Kips Bay Petco Closure to Leave Cats Without Homes, Advocates Say

By Heather Holland on April 8, 2014 9:31am 

KIPS BAY — The Kips Bay Petco is closing next month, displacing a cat adoption nonprofit that has long shared the space.

City Critters will have to find a new home for the 60 homeless cats that take turns living in the Petco at 560 Second Ave., near 31st Street, when pet supply store closes on May 17, said Jordana Serebrenik, a member of City Critters' board of directors.

“We don’t have a place to go now," Serebrenik said. "We were given notice, but not much.”

A Petco spokeswoman confirmed the store's upcoming closure but declined to comment further. Petco plans to open a new outpost near 51st Street and Second Avenue, an employee confirmed, but it was not immediately clear when it would open and whether City Critters would receive space there.

City Critters, a 20-year-old organization, takes in homeless cats and places them in various foster homes in the neighborhood, putting eight of them on display at the Kips Bay Petco during the week in hopes of finding them a permanent home. Up to 20 of their cats are shown at Petco on weekends, Serebrenik said.

City Critters also shows homeless cats up for adoption at the PetSmart at 632 Broadway in NoHo, but that store is smaller and only has room to show five to six cats at a time, Serebrenik said.

"People don't know us as much over there," Serebrenik said. "If no one sees them, it's harder for them to get adopted. At the Kips Bay Petco, the cats are very visible. They're right by the register banks."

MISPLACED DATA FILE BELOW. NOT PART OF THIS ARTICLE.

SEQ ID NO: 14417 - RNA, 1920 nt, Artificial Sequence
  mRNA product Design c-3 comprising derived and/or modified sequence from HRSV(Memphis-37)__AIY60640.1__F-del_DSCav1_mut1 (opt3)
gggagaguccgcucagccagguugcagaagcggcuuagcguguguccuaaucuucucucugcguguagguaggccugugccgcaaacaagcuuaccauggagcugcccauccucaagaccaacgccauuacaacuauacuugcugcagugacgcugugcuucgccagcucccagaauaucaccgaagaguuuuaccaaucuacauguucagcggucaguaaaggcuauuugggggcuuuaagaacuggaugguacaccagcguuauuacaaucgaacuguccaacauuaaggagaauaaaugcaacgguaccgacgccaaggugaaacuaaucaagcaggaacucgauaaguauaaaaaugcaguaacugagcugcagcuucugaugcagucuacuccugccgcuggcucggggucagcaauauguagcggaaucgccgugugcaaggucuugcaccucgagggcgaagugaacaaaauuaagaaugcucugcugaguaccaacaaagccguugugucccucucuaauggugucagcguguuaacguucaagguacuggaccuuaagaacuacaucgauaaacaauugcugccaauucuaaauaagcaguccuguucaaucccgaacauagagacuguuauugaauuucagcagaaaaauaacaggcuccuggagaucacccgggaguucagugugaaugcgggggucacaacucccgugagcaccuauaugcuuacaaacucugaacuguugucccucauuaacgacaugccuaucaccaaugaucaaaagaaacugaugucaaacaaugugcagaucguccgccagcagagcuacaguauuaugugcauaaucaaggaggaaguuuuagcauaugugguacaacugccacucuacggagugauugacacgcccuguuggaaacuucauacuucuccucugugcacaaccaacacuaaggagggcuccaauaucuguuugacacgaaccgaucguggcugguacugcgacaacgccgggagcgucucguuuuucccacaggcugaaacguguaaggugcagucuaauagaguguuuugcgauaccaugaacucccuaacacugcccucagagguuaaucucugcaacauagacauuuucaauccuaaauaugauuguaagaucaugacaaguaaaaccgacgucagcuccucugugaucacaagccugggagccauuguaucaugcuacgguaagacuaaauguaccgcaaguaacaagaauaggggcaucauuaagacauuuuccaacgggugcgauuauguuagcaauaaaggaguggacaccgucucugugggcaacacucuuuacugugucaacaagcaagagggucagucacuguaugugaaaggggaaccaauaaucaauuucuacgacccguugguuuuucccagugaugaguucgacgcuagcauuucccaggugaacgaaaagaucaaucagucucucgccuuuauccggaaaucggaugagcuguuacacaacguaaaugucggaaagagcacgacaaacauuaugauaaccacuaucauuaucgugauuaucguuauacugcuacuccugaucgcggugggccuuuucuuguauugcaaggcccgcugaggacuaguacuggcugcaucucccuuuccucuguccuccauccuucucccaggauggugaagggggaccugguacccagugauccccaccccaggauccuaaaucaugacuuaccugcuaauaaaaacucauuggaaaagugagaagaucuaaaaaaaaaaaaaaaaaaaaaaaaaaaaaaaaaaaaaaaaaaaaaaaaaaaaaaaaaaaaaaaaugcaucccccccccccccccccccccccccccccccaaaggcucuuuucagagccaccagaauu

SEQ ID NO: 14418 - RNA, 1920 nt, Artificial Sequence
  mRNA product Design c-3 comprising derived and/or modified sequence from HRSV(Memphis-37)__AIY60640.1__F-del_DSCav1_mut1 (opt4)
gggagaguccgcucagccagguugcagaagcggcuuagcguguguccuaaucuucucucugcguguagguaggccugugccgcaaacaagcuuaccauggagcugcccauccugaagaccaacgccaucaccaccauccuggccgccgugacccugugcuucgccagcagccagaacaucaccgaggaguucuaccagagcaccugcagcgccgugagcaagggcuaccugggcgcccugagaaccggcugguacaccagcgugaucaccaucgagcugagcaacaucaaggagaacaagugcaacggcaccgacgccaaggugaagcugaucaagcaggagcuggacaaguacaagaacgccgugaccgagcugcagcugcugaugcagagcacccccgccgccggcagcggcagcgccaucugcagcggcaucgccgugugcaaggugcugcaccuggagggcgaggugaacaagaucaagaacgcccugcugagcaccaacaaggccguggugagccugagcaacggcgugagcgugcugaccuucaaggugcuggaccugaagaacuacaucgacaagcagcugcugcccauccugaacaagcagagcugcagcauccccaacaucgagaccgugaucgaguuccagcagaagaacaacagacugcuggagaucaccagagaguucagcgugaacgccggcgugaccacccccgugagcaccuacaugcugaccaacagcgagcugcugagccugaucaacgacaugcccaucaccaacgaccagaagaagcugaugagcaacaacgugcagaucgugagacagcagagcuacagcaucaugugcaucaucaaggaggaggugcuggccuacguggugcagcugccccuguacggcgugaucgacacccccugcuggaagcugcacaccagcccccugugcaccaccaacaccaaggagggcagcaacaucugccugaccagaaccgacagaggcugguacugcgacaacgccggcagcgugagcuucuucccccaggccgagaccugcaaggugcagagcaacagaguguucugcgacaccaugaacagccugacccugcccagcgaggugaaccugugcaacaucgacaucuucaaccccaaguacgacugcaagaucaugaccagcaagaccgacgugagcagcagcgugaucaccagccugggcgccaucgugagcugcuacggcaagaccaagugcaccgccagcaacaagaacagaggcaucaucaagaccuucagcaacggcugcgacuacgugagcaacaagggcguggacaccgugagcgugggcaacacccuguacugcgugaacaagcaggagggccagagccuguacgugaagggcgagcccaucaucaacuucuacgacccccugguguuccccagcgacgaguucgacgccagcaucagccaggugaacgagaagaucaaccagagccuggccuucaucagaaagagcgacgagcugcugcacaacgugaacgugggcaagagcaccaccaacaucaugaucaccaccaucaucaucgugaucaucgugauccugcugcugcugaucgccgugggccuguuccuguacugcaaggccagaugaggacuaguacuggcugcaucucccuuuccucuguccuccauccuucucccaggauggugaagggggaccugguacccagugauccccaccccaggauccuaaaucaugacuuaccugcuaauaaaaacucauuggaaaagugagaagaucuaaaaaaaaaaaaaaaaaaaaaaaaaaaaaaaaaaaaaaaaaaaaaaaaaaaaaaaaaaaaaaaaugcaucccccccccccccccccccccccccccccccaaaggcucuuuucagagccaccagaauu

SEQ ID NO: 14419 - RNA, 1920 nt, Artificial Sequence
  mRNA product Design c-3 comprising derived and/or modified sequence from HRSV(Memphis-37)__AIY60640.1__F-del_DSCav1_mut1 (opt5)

City Critters had also placed its homeless cats in Petco as part of the national nonprofit adoption push Maddie's Adoption Days, which runs this year from May 31 to June 1.

During that weekend, Maddie's Fund covers the costs of adoption costs for any would-be pet owner and also gives money to participating organizations to reward them based on how many cats they are able to place, Serebrenik said. Last year, City Critters found homes for 80 cats and received $74,000 in subsidies — a precedent they fear they won't be able to replicate without high-traffic space at a site like Petco.

"It's the single most important adoption event of the year," Serebrenik said. “That is what is at stake here if we don’t find a place to operate from... It's really what's driving our desperation right now."

City Critters hopes to find a new space near the Kips Bay Petco, because most of its volunteers and foster homes are in the neighborhood. But the group hasn't found a suitable space so far, Serebrenik said.

City Critters isn't the only group lamenting the loss of the store.

Longtime customers, including Kips Bay resident Mary Beth Clark, said they were shocked to see Petco closing after 15 years in the neighborhood.

"It's like losing a family member," Clark said. "I loved the staff there. They were always so helpful, and were good at recommending products for my cat. They knew all the pets that came into their store by name.

"A lot residents go to this Petco," she continued. "They're going to be devastated when they find out it's closing."

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